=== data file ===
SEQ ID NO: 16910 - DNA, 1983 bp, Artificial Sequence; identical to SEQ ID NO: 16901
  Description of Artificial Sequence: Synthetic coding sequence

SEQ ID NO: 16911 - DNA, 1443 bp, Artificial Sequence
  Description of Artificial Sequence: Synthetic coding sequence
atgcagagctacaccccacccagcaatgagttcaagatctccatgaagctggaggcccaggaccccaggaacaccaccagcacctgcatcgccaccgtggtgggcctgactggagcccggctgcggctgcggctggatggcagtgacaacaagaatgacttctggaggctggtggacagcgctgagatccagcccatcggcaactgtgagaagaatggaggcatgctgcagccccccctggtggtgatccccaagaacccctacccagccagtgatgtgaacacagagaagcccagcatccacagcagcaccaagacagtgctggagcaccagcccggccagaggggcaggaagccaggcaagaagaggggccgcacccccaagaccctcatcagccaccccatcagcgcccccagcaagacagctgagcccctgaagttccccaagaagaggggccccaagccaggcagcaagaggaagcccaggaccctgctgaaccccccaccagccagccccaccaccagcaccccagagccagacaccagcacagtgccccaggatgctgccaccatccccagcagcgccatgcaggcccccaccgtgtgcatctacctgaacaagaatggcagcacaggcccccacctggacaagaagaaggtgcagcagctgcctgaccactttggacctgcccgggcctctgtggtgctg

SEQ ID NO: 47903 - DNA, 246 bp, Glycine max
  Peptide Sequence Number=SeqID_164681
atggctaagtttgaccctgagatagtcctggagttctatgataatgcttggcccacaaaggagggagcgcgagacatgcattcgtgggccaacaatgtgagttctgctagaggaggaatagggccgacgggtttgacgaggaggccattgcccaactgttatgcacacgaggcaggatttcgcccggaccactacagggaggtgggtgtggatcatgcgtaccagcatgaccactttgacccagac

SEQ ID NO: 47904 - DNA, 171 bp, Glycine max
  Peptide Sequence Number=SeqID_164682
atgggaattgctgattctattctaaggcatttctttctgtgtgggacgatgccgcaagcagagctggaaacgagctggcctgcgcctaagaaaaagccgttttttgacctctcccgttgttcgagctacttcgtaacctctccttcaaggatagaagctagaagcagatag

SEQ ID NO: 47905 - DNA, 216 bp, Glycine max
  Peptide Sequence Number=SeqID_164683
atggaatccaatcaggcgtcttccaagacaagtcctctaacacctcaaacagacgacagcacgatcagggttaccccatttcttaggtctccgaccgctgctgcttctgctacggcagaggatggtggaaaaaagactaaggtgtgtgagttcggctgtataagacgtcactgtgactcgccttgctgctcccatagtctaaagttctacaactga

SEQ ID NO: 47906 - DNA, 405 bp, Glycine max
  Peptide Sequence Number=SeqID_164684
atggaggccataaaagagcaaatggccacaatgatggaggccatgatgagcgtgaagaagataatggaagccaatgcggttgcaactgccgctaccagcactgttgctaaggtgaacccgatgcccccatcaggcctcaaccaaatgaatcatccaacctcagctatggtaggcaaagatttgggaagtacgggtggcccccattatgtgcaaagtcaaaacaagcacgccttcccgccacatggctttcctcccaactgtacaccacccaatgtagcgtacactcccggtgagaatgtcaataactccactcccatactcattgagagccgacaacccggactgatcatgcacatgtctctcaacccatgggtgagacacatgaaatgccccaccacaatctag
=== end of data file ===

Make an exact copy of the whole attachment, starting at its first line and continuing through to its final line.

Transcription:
SEQ ID NO: 16910 - DNA, 1983 bp, Artificial Sequence; identical to SEQ ID NO: 16901
  Description of Artificial Sequence: Synthetic coding sequence

SEQ ID NO: 16911 - DNA, 1443 bp, Artificial Sequence
  Description of Artificial Sequence: Synthetic coding sequence
atgcagagctacaccccacccagcaatgagttcaagatctccatgaagctggaggcccaggaccccaggaacaccaccagcacctgcatcgccaccgtggtgggcctgactggagcccggctgcggctgcggctggatggcagtgacaacaagaatgacttctggaggctggtggacagcgctgagatccagcccatcggcaactgtgagaagaatggaggcatgctgcagccccccctggtggtgatccccaagaacccctacccagccagtgatgtgaacacagagaagcccagcatccacagcagcaccaagacagtgctggagcaccagcccggccagaggggcaggaagccaggcaagaagaggggccgcacccccaagaccctcatcagccaccccatcagcgcccccagcaagacagctgagcccctgaagttccccaagaagaggggccccaagccaggcagcaagaggaagcccaggaccctgctgaaccccccaccagccagccccaccaccagcaccccagagccagacaccagcacagtgccccaggatgctgccaccatccccagcagcgccatgcaggcccccaccgtgtgcatctacctgaacaagaatggcagcacaggcccccacctggacaagaagaaggtgcagcagctgcctgaccactttggacctgcccgggcctctgtggtgctg

SEQ ID NO: 47903 - DNA, 246 bp, Glycine max
  Peptide Sequence Number=SeqID_164681
atggctaagtttgaccctgagatagtcctggagttctatgataatgcttggcccacaaaggagggagcgcgagacatgcattcgtgggccaacaatgtgagttctgctagaggaggaatagggccgacgggtttgacgaggaggccattgcccaactgttatgcacacgaggcaggatttcgcccggaccactacagggaggtgggtgtggatcatgcgtaccagcatgaccactttgacccagac

SEQ ID NO: 47904 - DNA, 171 bp, Glycine max
  Peptide Sequence Number=SeqID_164682
atgggaattgctgattctattctaaggcatttctttctgtgtgggacgatgccgcaagcagagctggaaacgagctggcctgcgcctaagaaaaagccgttttttgacctctcccgttgttcgagctacttcgtaacctctccttcaaggatagaagctagaagcagatag

SEQ ID NO: 47905 - DNA, 216 bp, Glycine max
  Peptide Sequence Number=SeqID_164683
atggaatccaatcaggcgtcttccaagacaagtcctctaacacctcaaacagacgacagcacgatcagggttaccccatttcttaggtctccgaccgctgctgcttctgctacggcagaggatggtggaaaaaagactaaggtgtgtgagttcggctgtataagacgtcactgtgactcgccttgctgctcccatagtctaaagttctacaactga

SEQ ID NO: 47906 - DNA, 405 bp, Glycine max
  Peptide Sequence Number=SeqID_164684
atggaggccataaaagagcaaatggccacaatgatggaggccatgatgagcgtgaagaagataatggaagccaatgcggttgcaactgccgctaccagcactgttgctaaggtgaacccgatgcccccatcaggcctcaaccaaatgaatcatccaacctcagctatggtaggcaaagatttgggaagtacgggtggcccccattatgtgcaaagtcaaaacaagcacgccttcccgccacatggctttcctcccaactgtacaccacccaatgtagcgtacactcccggtgagaatgtcaataactccactcccatactcattgagagccgacaacccggactgatcatgcacatgtctctcaacccatgggtgagacacatgaaatgccccaccacaatctag